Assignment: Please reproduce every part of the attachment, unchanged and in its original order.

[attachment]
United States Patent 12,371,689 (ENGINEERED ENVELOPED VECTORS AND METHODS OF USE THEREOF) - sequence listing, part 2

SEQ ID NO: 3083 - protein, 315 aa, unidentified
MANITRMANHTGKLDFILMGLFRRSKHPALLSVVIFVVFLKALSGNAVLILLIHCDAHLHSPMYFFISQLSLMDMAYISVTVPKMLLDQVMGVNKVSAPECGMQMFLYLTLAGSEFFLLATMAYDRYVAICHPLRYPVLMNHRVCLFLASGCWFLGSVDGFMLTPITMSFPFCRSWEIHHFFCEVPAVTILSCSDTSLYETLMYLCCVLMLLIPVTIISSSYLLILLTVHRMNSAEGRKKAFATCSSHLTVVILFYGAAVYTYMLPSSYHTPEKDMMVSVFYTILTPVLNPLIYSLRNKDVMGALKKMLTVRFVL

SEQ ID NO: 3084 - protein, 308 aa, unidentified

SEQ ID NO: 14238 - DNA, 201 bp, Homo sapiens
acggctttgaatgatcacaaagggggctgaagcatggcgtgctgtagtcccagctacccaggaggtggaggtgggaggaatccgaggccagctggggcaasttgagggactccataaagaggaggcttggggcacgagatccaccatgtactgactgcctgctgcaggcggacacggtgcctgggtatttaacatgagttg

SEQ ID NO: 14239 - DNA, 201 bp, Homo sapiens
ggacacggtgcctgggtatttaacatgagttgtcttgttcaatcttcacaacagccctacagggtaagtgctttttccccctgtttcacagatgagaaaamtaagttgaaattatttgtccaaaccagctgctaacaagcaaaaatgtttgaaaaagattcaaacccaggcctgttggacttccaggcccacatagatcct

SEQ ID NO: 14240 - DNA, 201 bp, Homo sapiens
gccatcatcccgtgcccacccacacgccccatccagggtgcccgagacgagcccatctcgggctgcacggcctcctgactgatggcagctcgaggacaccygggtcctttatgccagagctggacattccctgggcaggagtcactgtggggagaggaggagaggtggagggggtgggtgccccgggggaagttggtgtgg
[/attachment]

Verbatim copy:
United States Patent 12,371,689 (ENGINEERED ENVELOPED VECTORS AND METHODS OF USE THEREOF) - sequence listing, part 2

SEQ ID NO: 3083 - protein, 315 aa, unidentified
MANITRMANHTGKLDFILMGLFRRSKHPALLSVVIFVVFLKALSGNAVLILLIHCDAHLHSPMYFFISQLSLMDMAYISVTVPKMLLDQVMGVNKVSAPECGMQMFLYLTLAGSEFFLLATMAYDRYVAICHPLRYPVLMNHRVCLFLASGCWFLGSVDGFMLTPITMSFPFCRSWEIHHFFCEVPAVTILSCSDTSLYETLMYLCCVLMLLIPVTIISSSYLLILLTVHRMNSAEGRKKAFATCSSHLTVVILFYGAAVYTYMLPSSYHTPEKDMMVSVFYTILTPVLNPLIYSLRNKDVMGALKKMLTVRFVL

SEQ ID NO: 3084 - protein, 308 aa, unidentified

SEQ ID NO: 14238 - DNA, 201 bp, Homo sapiens
acggctttgaatgatcacaaagggggctgaagcatggcgtgctgtagtcccagctacccaggaggtggaggtgggaggaatccgaggccagctggggcaasttgagggactccataaagaggaggcttggggcacgagatccaccatgtactgactgcctgctgcaggcggacacggtgcctgggtatttaacatgagttg

SEQ ID NO: 14239 - DNA, 201 bp, Homo sapiens
ggacacggtgcctgggtatttaacatgagttgtcttgttcaatcttcacaacagccctacagggtaagtgctttttccccctgtttcacagatgagaaaamtaagttgaaattatttgtccaaaccagctgctaacaagcaaaaatgtttgaaaaagattcaaacccaggcctgttggacttccaggcccacatagatcct

SEQ ID NO: 14240 - DNA, 201 bp, Homo sapiens
gccatcatcccgtgcccacccacacgccccatccagggtgcccgagacgagcccatctcgggctgcacggcctcctgactgatggcagctcgaggacaccygggtcctttatgccagagctggacattccctgggcaggagtcactgtggggagaggaggagaggtggagggggtgggtgccccgggggaagttggtgtgg